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Real Exchange Rates, Valuation Effects and Growth in Emerging Markets

  • Michael Bleaney,
  • Liliana Castilleja Vargas
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    We compare the relationship between net capital inflows, real exchange rate movements and growth for twenty emerging markets and thirteen developed countries over the period 1985-2004. In developed countries low real exchange rates are associated with faster growth, but in emerging markets depreciations depress growth, even outside crisis periods, and are closely correlated with declines or reversals in net capital inflows. To investigate valuation effects of currency movements, we construct debt-weighted real exchange rate indices for emerging markets. We find only limited evidence that the contractionary effects of real depreciations in emerging markets can be attributed to valuation effects.

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    File URL: http://www.nottingham.ac.uk/credit/documents/papers/07-12.pdf
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    Paper provided by University of Nottingham, CREDIT in its series Discussion Papers with number 07/12.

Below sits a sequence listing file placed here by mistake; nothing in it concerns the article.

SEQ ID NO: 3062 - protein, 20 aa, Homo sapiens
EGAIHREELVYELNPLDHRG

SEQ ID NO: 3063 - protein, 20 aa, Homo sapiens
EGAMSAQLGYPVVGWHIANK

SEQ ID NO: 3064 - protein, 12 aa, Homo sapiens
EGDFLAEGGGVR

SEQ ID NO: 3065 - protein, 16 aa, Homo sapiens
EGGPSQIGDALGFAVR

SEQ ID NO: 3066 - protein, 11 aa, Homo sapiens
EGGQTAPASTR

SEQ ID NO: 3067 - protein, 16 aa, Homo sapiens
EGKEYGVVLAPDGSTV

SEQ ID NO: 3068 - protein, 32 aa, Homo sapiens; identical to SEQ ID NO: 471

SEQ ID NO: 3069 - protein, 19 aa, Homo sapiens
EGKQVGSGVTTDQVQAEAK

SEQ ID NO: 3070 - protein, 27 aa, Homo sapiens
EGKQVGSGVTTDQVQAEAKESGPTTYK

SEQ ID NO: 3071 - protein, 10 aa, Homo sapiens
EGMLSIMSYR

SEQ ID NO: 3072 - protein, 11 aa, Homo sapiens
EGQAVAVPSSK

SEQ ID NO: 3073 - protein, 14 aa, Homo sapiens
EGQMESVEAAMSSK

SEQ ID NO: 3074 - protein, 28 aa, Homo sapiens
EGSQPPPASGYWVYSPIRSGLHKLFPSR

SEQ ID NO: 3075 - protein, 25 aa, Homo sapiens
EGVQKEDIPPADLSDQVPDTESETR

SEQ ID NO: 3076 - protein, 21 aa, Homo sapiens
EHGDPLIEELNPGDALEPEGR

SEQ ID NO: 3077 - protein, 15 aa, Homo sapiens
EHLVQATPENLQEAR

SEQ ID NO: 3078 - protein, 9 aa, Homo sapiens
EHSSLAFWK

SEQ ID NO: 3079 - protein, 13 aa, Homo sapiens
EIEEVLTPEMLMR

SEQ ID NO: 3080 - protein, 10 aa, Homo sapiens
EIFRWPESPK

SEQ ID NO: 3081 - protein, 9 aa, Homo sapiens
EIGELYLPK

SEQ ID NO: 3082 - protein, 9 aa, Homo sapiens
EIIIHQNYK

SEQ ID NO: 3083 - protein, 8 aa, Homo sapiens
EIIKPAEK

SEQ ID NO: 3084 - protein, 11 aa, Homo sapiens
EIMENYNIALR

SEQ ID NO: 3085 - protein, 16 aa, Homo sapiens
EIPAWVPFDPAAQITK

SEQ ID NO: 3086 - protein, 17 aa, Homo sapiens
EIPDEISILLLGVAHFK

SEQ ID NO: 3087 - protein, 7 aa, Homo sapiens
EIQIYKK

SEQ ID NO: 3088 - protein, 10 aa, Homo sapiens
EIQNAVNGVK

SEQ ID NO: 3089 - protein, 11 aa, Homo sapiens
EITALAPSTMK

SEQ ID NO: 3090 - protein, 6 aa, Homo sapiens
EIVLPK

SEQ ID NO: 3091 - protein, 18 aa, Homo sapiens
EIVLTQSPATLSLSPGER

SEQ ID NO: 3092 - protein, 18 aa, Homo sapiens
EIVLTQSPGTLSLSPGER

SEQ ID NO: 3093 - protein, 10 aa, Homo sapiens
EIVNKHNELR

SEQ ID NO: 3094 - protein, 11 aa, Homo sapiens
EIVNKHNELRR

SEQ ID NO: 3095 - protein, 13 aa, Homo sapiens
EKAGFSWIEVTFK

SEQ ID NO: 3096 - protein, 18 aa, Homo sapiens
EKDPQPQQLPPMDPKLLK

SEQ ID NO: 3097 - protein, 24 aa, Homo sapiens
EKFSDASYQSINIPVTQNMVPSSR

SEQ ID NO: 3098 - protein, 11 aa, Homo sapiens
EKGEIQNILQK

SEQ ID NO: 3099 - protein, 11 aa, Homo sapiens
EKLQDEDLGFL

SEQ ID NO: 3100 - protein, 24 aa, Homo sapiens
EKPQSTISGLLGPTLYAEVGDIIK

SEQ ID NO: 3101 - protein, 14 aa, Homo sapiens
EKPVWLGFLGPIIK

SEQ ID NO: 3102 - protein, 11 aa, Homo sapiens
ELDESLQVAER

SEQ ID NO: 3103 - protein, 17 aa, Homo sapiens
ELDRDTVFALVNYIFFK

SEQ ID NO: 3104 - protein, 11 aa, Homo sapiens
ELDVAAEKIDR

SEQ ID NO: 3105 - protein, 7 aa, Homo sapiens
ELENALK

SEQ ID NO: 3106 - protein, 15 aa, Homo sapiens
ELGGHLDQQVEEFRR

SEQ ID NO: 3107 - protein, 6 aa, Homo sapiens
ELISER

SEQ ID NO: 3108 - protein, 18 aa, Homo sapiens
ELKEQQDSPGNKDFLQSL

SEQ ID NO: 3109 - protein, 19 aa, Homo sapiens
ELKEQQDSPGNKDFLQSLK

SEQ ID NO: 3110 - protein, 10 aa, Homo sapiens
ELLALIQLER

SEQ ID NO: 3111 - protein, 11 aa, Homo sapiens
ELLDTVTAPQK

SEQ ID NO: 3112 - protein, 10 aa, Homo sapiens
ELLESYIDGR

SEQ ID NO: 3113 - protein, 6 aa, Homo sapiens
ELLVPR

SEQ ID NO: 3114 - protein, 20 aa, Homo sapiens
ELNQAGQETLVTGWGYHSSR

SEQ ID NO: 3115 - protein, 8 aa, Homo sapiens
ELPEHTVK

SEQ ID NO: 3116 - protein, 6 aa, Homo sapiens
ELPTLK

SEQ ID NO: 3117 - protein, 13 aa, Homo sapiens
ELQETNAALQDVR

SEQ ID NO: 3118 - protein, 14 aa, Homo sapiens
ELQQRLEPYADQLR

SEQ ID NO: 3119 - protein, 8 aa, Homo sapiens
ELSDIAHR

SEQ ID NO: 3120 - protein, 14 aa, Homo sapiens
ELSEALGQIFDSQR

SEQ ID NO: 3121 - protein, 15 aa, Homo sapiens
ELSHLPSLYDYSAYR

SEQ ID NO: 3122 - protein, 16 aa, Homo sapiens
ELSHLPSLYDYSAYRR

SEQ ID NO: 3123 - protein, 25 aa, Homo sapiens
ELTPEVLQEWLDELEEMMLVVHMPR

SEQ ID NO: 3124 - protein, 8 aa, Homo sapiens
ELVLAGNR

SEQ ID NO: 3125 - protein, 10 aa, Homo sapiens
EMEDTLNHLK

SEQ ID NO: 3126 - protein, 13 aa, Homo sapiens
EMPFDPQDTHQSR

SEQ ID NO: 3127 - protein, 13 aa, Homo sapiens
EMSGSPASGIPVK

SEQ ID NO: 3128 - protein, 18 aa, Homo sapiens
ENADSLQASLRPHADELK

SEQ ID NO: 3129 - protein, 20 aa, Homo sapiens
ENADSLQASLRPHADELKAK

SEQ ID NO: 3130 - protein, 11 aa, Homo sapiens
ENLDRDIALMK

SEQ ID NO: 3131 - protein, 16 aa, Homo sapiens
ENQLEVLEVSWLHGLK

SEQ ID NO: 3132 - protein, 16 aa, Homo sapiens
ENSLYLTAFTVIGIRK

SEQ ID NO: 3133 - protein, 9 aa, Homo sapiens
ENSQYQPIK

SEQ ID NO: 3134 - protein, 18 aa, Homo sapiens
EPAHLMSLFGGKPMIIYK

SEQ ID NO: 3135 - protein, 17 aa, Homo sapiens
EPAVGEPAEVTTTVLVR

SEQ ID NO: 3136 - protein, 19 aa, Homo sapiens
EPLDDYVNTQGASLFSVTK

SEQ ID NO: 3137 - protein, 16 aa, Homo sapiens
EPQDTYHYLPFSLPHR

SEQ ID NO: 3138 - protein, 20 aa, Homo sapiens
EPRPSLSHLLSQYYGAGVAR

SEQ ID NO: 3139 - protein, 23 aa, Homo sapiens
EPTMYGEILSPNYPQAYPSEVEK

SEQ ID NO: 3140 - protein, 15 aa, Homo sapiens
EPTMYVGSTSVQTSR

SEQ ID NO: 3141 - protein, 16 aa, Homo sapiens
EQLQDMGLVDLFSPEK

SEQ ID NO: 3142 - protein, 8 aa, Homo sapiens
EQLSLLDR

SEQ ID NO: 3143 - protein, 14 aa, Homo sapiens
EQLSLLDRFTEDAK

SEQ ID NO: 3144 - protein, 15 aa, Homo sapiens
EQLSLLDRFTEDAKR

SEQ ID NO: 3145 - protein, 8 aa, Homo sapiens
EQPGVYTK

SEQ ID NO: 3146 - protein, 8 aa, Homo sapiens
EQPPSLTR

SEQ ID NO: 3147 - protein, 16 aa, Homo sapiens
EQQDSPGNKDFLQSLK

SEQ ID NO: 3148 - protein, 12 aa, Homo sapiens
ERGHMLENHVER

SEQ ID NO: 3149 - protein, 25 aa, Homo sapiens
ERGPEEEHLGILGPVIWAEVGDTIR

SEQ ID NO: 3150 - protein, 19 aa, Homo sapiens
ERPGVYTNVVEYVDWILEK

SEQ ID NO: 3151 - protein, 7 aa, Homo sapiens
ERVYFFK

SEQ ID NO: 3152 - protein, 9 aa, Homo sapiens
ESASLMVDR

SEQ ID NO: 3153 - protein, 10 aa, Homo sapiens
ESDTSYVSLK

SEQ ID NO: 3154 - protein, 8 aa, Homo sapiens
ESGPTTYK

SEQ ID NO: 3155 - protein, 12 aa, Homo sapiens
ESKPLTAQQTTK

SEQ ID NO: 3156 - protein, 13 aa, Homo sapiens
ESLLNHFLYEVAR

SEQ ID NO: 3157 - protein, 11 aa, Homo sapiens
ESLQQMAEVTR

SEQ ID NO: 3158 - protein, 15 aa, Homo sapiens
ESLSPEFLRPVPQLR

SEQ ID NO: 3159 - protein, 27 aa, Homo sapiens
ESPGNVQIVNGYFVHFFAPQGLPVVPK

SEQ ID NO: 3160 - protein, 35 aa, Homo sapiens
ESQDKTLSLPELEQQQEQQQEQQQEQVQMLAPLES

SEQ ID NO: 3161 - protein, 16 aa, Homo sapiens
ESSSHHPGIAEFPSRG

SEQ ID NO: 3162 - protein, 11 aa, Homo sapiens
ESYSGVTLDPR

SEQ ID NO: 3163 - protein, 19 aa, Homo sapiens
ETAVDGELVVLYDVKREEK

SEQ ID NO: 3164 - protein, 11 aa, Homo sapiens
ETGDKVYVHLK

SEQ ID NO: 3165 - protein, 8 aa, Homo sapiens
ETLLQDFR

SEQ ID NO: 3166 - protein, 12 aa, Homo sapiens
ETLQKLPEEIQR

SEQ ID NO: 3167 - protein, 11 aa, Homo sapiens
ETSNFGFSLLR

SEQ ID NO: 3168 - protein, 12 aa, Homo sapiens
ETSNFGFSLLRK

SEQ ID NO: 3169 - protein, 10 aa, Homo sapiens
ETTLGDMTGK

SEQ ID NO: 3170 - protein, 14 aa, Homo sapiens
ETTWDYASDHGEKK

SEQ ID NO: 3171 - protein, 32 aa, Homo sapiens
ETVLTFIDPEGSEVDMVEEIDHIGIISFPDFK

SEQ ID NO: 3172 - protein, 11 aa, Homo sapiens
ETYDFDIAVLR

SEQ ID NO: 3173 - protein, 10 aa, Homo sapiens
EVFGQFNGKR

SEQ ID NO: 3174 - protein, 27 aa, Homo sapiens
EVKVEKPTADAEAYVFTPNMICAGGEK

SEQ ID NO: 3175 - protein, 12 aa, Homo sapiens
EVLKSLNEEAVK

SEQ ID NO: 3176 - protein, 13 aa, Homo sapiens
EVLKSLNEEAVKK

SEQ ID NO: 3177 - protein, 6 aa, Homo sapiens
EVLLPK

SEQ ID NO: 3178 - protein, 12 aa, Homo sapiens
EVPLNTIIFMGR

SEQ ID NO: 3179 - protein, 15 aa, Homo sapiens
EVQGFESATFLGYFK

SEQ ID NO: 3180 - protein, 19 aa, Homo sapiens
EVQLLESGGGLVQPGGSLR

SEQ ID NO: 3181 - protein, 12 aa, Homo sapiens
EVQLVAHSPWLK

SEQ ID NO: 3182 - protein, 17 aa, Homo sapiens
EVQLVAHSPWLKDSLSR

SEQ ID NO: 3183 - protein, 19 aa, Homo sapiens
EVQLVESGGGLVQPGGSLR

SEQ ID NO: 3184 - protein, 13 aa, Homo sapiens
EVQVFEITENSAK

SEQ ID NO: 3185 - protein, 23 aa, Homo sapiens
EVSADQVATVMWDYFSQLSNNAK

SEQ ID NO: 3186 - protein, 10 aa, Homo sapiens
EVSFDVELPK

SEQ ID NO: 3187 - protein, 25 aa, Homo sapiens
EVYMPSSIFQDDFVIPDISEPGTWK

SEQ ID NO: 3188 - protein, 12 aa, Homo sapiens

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    Handle: RePEc:not:notcre:07/12
    Contact details of provider: Postal: School of Economics University of Nottingham University Park Nottingham NG7 2RD
    Phone: (44) 0115 951 5620
    Fax: (0115) 951 4159
    Web page: http://www.nottingham.ac.uk/economics/

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    9. Guillermo A. Calvo & Frederic S. Mishkin, 2003. "The Mirage of Exchange Rate Regimes for Emerging Market Countries," Journal of Economic Perspectives, American Economic Association, vol. 17(4), pages 99-118, Fall.
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    12. Cook, David, 2004. "Monetary policy in emerging markets: Can liability dollarization explain contractionary devaluations?," Journal of Monetary Economics, Elsevier, vol. 51(6), pages 1155-1181, September.
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